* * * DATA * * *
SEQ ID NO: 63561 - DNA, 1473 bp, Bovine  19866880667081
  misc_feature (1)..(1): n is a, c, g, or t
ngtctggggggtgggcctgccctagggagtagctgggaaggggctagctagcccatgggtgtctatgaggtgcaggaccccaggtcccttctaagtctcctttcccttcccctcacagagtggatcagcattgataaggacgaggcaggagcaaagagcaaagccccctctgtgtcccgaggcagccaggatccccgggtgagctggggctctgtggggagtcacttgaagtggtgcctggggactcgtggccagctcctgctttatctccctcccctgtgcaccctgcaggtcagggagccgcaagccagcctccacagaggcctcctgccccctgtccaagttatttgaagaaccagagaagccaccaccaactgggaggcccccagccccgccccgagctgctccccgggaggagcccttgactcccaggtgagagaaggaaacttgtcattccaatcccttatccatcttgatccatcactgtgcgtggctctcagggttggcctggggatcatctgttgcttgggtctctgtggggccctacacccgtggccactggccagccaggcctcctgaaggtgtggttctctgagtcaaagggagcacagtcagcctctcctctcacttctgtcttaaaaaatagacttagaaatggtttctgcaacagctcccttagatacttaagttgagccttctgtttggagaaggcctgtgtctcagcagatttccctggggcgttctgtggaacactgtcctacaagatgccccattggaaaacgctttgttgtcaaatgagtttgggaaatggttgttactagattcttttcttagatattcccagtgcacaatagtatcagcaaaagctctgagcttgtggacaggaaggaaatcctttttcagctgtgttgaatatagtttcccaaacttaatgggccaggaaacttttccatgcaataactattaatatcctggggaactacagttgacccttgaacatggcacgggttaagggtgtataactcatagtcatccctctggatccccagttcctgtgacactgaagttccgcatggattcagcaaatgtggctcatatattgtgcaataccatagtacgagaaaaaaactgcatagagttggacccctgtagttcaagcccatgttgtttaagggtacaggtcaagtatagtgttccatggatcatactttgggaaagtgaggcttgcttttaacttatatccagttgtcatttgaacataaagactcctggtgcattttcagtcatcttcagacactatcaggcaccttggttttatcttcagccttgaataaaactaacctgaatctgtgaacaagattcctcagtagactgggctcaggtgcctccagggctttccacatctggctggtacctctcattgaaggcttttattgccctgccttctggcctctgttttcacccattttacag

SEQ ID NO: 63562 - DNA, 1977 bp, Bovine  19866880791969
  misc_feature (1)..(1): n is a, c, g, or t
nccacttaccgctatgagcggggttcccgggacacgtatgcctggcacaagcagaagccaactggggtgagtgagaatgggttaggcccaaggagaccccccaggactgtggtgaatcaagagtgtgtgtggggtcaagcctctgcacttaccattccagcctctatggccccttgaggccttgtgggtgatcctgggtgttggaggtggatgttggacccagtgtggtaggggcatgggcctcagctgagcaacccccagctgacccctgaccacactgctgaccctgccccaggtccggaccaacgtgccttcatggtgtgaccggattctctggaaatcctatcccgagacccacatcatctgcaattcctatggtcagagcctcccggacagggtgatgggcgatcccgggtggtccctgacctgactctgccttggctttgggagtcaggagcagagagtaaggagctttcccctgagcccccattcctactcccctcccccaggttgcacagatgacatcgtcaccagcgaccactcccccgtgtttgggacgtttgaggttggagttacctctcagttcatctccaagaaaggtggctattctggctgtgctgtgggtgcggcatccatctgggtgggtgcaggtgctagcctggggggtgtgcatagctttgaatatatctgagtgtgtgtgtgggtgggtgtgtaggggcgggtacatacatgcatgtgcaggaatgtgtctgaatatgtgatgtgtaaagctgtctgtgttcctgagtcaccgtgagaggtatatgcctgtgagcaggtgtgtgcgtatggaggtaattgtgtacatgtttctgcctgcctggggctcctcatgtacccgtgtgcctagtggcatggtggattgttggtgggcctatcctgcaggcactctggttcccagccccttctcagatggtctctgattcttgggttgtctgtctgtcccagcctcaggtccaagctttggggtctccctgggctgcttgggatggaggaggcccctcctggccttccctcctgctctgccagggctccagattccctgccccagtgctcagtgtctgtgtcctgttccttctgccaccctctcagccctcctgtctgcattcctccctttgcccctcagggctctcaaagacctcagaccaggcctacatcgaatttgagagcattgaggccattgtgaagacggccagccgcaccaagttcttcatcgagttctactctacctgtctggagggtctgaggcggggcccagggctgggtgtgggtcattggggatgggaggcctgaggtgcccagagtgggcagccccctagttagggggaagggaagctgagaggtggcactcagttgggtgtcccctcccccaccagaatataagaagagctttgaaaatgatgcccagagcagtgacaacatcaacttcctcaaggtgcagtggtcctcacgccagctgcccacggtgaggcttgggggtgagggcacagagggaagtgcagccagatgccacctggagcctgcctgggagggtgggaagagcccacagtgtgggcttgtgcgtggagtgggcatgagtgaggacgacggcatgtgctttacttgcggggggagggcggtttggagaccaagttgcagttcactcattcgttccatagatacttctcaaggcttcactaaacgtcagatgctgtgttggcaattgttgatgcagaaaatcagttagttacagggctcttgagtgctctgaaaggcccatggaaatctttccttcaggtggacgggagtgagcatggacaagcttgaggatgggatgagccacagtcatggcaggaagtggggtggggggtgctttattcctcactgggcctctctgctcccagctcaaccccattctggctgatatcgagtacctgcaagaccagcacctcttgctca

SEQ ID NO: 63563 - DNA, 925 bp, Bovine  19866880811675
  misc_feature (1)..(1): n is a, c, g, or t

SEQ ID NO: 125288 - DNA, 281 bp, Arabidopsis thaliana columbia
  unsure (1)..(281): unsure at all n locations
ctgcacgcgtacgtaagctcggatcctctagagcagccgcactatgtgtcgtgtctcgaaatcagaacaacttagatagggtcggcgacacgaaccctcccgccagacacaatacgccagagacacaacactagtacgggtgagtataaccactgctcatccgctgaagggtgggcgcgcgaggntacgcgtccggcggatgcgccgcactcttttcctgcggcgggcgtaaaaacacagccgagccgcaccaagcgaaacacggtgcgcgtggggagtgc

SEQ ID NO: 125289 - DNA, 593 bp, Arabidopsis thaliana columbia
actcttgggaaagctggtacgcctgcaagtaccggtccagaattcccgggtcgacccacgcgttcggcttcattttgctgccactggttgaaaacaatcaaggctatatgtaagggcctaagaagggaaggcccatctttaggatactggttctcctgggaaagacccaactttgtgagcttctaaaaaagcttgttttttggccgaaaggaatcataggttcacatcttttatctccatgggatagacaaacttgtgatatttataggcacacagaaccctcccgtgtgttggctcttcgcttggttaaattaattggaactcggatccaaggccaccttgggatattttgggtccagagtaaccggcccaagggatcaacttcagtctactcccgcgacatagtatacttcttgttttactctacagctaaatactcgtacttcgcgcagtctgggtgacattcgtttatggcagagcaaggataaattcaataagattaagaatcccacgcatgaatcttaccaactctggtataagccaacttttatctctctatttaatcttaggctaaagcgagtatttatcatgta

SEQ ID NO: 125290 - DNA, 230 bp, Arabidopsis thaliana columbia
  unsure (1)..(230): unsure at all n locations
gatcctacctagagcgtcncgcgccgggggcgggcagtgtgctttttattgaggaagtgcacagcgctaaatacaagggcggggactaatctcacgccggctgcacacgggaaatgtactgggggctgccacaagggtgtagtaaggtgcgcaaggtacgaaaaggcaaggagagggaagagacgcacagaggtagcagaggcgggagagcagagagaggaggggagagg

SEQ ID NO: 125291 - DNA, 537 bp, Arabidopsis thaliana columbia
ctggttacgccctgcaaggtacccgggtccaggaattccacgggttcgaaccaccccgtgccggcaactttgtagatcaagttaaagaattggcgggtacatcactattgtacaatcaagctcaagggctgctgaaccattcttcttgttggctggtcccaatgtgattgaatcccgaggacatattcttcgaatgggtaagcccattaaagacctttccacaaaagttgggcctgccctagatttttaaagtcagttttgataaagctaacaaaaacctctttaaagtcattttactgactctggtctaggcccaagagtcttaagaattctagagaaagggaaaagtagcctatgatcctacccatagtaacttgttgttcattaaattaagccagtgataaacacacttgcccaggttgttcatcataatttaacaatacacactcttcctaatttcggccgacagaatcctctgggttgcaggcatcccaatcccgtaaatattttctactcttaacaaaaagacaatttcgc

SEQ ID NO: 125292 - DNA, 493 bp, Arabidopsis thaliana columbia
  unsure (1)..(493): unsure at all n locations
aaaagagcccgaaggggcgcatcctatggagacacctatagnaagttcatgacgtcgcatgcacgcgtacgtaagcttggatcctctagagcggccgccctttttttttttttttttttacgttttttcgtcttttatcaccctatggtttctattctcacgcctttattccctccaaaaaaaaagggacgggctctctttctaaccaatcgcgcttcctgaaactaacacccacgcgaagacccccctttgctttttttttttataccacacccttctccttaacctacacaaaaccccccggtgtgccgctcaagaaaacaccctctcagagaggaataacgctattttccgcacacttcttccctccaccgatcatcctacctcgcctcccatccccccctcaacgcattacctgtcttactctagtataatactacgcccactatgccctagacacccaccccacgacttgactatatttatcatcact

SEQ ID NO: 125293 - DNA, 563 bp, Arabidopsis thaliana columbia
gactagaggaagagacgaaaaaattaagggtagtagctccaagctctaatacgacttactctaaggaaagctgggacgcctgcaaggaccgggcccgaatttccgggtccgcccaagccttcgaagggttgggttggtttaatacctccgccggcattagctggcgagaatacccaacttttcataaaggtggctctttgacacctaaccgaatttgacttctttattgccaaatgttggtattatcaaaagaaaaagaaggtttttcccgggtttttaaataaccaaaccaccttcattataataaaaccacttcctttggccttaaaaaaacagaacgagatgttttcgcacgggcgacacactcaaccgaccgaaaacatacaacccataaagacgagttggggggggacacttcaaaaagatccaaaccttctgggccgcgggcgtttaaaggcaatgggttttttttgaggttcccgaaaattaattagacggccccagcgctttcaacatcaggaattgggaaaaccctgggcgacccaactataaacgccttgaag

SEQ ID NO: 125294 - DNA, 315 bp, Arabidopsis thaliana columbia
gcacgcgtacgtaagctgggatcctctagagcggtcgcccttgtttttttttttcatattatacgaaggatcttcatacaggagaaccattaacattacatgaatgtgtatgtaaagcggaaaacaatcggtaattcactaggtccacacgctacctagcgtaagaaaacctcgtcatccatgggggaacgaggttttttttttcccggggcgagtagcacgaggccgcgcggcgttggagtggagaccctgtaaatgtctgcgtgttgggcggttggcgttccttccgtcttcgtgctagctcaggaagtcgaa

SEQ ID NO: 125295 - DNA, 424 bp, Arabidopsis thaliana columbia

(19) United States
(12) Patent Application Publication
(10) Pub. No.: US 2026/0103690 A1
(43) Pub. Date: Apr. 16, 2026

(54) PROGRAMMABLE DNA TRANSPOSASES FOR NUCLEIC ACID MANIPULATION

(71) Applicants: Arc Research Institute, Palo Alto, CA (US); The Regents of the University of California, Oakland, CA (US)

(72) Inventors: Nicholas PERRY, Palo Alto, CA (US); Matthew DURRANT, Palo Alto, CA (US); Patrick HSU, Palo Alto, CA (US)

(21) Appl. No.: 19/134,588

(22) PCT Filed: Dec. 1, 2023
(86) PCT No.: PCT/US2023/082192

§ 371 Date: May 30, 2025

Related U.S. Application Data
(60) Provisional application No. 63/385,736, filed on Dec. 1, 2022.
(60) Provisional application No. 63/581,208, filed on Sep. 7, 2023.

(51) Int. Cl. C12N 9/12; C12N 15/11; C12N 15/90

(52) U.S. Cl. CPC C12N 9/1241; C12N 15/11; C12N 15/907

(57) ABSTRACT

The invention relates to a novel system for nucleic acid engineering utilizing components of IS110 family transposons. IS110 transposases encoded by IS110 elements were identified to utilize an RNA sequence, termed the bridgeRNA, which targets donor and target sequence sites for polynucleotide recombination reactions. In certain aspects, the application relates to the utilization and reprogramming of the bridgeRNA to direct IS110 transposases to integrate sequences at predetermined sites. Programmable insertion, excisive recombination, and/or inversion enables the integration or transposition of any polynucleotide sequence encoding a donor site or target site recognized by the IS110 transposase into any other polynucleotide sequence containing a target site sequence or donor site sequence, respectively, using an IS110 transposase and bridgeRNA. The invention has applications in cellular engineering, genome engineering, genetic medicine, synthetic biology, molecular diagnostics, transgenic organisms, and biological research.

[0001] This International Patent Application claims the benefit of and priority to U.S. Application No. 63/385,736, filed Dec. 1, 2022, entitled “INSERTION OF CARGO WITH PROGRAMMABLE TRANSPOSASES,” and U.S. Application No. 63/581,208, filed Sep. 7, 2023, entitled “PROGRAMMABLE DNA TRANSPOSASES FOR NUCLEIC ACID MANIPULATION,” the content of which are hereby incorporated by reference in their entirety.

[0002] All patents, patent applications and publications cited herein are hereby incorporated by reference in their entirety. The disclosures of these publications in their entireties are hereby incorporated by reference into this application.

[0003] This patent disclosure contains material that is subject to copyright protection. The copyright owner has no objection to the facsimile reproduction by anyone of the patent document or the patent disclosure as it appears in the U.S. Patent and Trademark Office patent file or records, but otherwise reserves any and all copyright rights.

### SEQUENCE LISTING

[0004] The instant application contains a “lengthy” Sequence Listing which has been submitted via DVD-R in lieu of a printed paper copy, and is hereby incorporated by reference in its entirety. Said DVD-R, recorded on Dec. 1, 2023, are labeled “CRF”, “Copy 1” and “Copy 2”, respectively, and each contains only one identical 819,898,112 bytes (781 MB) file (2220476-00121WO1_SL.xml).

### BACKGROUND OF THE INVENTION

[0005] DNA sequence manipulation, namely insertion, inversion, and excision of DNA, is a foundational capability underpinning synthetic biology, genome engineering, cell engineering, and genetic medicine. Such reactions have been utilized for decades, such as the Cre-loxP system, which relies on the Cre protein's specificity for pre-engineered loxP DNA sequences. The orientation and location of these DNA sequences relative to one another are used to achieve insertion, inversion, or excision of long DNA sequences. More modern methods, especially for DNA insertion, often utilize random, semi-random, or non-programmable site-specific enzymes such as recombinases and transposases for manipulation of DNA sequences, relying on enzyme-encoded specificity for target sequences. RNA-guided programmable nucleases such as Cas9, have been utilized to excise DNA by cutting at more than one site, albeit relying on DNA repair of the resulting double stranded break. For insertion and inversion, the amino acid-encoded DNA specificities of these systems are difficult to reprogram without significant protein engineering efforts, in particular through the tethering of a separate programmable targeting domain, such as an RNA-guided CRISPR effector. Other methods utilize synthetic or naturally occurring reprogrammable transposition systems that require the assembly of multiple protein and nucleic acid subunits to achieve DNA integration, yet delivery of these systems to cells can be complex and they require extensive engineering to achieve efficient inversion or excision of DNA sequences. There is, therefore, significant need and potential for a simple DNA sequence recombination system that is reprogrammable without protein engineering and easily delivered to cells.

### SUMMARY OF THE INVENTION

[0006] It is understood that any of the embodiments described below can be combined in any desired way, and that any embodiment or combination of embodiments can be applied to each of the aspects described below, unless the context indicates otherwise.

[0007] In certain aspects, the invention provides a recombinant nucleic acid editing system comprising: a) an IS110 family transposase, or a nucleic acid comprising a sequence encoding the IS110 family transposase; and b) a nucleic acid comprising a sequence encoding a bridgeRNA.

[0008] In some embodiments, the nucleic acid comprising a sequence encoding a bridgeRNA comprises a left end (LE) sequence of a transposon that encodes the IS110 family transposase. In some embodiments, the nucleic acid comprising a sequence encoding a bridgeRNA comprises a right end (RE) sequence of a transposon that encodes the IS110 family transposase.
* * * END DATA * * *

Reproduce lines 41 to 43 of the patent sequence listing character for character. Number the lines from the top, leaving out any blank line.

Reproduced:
(51) Int. Cl. C12N 9/12; C12N 15/11; C12N 15/90

(52) U.S. Cl. CPC C12N 9/1241; C12N 15/11; C12N 15/907

(57) ABSTRACT